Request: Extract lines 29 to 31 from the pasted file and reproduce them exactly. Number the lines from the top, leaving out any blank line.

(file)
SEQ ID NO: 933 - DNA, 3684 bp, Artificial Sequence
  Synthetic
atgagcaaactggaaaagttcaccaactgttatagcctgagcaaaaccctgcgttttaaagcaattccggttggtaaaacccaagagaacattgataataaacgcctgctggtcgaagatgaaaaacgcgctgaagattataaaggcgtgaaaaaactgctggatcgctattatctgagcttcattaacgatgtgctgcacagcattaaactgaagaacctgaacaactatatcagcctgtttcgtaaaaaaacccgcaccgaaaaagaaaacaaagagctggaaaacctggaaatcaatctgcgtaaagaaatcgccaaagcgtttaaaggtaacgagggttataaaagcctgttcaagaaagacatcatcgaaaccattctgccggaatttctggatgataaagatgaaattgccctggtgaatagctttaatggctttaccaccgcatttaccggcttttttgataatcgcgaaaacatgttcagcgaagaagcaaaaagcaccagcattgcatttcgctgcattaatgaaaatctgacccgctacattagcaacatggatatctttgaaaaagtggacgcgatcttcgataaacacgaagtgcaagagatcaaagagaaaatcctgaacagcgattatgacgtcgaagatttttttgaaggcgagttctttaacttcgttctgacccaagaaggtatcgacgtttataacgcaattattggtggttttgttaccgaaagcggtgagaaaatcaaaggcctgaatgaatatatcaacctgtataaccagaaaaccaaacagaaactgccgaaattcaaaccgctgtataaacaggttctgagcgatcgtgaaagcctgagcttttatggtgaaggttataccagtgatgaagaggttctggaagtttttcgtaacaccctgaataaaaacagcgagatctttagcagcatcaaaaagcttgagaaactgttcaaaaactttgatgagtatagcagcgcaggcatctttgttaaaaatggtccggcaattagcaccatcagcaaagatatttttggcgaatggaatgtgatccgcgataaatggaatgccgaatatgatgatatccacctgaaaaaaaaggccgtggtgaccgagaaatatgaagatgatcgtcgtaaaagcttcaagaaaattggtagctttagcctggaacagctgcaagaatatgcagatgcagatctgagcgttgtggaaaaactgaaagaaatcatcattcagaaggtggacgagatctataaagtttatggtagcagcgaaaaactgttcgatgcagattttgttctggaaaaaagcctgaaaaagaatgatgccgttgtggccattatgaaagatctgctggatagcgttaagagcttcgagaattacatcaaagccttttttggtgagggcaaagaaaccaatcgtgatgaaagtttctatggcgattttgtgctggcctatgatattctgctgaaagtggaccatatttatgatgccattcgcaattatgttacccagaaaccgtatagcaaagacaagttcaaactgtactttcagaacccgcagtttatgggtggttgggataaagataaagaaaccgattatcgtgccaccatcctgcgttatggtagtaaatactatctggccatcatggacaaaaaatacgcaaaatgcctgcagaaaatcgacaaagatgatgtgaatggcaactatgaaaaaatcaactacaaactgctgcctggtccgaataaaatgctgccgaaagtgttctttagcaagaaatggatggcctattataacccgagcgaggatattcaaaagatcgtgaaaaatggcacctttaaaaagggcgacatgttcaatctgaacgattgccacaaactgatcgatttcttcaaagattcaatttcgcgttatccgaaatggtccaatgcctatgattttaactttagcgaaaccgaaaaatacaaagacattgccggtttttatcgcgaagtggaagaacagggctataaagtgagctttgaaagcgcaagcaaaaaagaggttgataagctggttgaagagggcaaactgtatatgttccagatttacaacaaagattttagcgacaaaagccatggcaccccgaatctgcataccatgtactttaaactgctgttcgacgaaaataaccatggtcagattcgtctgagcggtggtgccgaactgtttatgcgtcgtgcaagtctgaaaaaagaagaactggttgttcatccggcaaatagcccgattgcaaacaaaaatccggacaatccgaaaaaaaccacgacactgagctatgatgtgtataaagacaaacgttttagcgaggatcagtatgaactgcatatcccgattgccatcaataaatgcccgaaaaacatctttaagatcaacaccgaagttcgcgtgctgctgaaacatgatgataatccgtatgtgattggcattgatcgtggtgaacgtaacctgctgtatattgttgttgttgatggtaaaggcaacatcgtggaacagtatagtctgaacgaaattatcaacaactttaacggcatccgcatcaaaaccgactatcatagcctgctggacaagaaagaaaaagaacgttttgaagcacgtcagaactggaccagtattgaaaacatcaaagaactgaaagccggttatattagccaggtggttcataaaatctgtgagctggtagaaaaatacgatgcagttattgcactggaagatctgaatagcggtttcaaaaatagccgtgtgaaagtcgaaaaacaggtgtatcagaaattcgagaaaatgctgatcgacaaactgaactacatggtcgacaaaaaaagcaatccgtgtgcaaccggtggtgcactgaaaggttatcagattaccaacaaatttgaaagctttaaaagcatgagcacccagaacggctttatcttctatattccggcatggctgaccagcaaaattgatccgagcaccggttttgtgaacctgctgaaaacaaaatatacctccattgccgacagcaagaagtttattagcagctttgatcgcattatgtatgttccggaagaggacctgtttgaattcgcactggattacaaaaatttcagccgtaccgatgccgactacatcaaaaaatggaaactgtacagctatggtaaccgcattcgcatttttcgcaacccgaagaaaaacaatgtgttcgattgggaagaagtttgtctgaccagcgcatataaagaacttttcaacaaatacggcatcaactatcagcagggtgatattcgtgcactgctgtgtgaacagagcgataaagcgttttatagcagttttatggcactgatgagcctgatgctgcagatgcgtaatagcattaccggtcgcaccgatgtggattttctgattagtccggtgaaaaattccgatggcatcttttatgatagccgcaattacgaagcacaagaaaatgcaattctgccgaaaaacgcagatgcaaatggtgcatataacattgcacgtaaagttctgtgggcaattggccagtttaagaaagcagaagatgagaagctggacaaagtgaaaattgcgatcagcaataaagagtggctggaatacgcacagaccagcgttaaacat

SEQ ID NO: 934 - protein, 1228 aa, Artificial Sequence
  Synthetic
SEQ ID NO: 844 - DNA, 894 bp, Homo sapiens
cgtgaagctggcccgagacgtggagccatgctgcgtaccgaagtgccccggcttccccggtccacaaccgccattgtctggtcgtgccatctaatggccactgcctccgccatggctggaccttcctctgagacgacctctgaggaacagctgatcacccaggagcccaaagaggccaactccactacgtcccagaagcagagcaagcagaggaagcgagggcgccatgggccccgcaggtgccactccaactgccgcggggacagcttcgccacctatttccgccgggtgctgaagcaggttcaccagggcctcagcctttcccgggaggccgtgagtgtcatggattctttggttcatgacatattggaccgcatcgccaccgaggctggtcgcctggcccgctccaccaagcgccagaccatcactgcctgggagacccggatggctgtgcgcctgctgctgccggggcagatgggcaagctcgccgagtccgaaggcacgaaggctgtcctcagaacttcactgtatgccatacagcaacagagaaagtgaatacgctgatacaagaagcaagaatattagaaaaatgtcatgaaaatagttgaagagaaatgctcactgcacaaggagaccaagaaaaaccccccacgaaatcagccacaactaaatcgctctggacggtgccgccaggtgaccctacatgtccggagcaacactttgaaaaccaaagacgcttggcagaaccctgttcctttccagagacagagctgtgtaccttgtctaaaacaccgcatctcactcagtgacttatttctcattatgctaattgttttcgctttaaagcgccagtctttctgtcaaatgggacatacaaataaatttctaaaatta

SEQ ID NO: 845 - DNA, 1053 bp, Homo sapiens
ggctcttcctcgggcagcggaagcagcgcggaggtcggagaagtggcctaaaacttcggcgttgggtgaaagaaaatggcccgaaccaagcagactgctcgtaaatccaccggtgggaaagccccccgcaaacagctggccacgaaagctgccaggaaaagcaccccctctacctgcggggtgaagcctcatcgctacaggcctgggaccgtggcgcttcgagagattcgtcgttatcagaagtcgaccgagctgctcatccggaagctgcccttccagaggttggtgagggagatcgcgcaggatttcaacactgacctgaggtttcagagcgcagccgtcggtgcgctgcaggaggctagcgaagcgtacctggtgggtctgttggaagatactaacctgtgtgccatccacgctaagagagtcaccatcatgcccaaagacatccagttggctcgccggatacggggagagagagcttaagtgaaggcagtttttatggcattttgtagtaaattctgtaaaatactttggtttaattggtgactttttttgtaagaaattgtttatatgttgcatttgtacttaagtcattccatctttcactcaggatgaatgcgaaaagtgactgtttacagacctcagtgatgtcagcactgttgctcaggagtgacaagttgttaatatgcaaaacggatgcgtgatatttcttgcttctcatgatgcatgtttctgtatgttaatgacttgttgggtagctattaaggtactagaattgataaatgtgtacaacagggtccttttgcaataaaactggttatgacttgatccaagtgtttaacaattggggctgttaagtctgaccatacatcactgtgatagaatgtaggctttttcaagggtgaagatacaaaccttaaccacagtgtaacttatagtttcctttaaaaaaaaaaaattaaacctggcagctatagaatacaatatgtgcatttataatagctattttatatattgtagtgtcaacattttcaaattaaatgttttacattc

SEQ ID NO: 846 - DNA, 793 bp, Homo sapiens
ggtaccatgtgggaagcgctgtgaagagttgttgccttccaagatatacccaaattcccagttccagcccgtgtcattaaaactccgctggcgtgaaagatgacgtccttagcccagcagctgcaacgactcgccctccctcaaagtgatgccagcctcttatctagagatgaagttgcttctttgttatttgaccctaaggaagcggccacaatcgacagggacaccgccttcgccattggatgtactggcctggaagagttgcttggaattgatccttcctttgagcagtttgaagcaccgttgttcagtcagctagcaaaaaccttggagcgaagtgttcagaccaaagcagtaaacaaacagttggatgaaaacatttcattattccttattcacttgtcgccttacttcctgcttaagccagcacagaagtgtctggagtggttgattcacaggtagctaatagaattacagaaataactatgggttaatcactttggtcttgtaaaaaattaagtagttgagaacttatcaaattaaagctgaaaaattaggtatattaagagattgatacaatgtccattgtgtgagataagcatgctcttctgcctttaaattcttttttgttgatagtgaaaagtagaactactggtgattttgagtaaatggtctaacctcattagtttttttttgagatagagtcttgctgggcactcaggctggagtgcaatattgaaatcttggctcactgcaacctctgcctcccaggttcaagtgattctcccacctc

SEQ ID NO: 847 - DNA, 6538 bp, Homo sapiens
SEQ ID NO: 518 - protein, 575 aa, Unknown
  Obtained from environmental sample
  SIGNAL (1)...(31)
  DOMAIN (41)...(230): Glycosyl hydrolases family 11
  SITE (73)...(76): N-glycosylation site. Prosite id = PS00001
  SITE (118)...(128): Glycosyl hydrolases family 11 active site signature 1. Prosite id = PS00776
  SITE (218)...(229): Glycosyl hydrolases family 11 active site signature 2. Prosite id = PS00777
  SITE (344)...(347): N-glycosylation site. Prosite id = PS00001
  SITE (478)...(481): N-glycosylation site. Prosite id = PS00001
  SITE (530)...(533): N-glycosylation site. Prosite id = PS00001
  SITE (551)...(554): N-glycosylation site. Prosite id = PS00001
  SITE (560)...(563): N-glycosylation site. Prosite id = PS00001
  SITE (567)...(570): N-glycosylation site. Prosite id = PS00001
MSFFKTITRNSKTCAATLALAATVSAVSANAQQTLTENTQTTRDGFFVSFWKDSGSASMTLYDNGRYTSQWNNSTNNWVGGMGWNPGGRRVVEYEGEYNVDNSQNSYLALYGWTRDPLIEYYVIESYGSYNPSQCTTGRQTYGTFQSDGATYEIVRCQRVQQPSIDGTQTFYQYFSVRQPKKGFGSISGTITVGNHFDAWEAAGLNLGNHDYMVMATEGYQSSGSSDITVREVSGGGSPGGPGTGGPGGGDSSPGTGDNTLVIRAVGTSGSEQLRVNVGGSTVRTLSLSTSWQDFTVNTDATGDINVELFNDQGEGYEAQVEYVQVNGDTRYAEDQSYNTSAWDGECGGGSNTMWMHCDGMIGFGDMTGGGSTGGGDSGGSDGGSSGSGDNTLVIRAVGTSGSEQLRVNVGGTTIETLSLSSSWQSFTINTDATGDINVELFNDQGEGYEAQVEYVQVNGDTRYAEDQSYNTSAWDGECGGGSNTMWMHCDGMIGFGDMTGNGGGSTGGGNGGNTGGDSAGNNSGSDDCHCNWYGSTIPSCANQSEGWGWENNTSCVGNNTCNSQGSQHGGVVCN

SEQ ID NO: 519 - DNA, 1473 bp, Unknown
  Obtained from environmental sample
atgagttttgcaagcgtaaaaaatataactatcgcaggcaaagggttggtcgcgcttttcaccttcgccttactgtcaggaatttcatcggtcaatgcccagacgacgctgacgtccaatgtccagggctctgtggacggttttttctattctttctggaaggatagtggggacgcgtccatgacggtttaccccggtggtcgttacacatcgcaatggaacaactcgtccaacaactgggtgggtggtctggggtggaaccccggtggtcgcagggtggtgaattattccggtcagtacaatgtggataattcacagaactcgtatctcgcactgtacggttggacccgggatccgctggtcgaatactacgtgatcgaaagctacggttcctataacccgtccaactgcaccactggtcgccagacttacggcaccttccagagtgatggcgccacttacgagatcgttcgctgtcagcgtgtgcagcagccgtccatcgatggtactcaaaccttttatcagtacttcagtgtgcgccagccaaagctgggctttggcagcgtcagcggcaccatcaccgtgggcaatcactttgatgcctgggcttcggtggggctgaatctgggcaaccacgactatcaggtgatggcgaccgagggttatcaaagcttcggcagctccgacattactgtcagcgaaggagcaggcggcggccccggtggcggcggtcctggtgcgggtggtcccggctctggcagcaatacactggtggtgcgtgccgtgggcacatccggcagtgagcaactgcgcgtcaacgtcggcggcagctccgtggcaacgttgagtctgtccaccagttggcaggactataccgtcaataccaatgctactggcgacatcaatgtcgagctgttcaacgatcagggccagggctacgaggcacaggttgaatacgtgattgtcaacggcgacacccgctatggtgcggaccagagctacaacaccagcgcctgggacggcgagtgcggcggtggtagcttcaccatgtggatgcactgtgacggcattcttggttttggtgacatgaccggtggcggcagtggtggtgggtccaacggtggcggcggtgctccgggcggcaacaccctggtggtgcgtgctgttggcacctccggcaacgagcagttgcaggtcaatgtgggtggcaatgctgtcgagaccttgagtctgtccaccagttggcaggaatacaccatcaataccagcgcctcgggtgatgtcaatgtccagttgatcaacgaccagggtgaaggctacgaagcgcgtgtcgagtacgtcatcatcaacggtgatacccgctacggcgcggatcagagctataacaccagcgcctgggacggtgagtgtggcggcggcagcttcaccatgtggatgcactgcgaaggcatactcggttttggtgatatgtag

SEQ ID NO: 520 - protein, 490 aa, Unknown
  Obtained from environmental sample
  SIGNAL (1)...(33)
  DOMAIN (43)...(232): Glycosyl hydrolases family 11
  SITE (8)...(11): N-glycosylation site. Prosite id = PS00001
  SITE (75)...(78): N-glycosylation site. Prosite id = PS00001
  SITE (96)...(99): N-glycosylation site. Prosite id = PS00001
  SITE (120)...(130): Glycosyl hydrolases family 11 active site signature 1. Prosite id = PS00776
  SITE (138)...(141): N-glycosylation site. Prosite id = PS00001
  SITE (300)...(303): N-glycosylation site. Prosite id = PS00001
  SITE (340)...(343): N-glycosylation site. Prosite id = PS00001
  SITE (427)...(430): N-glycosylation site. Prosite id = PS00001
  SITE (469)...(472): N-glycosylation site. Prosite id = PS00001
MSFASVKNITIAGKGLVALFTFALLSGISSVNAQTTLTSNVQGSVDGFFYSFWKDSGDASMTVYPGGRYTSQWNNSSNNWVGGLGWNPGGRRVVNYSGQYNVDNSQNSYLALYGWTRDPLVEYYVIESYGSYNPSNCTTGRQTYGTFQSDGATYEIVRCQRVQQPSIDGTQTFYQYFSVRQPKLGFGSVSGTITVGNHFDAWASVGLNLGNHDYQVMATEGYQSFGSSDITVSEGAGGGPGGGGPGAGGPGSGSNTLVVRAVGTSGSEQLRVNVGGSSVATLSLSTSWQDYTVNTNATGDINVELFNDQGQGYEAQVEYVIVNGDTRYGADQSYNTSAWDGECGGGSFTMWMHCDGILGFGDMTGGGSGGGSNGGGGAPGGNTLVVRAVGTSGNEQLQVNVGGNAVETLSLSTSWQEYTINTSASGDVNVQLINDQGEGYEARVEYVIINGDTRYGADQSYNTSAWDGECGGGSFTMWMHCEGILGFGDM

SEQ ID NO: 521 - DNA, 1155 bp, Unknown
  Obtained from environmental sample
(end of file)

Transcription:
atgagttttgcaagcgtaaaaaatataactatcgcaggcaaagggttggtcgcgcttttcaccttcgccttactgtcaggaatttcatcggtcaatgcccagacgacgctgacgtccaatgtccagggctctgtggacggttttttctattctttctggaaggatagtggggacgcgtccatgacggtttaccccggtggtcgttacacatcgcaatggaacaactcgtccaacaactgggtgggtggtctggggtggaaccccggtggtcgcagggtggtgaattattccggtcagtacaatgtggataattcacagaactcgtatctcgcactgtacggttggacccgggatccgctggtcgaatactacgtgatcgaaagctacggttcctataacccgtccaactgcaccactggtcgccagacttacggcaccttccagagtgatggcgccacttacgagatcgttcgctgtcagcgtgtgcagcagccgtccatcgatggtactcaaaccttttatcagtacttcagtgtgcgccagccaaagctgggctttggcagcgtcagcggcaccatcaccgtgggcaatcactttgatgcctgggcttcggtggggctgaatctgggcaaccacgactatcaggtgatggcgaccgagggttatcaaagcttcggcagctccgacattactgtcagcgaaggagcaggcggcggccccggtggcggcggtcctggtgcgggtggtcccggctctggcagcaatacactggtggtgcgtgccgtgggcacatccggcagtgagcaactgcgcgtcaacgtcggcggcagctccgtggcaacgttgagtctgtccaccagttggcaggactataccgtcaataccaatgctactggcgacatcaatgtcgagctgttcaacgatcagggccagggctacgaggcacaggttgaatacgtgattgtcaacggcgacacccgctatggtgcggaccagagctacaacaccagcgcctgggacggcgagtgcggcggtggtagcttcaccatgtggatgcactgtgacggcattcttggttttggtgacatgaccggtggcggcagtggtggtgggtccaacggtggcggcggtgctccgggcggcaacaccctggtggtgcgtgctgttggcacctccggcaacgagcagttgcaggtcaatgtgggtggcaatgctgtcgagaccttgagtctgtccaccagttggcaggaatacaccatcaataccagcgcctcgggtgatgtcaatgtccagttgatcaacgaccagggtgaaggctacgaagcgcgtgtcgagtacgtcatcatcaacggtgatacccgctacggcgcggatcagagctataacaccagcgcctgggacggtgagtgtggcggcggcagcttcaccatgtggatgcactgcgaaggcatactcggttttggtgatatgtag

SEQ ID NO: 520 - protein, 490 aa, Unknown
  Obtained from environmental sample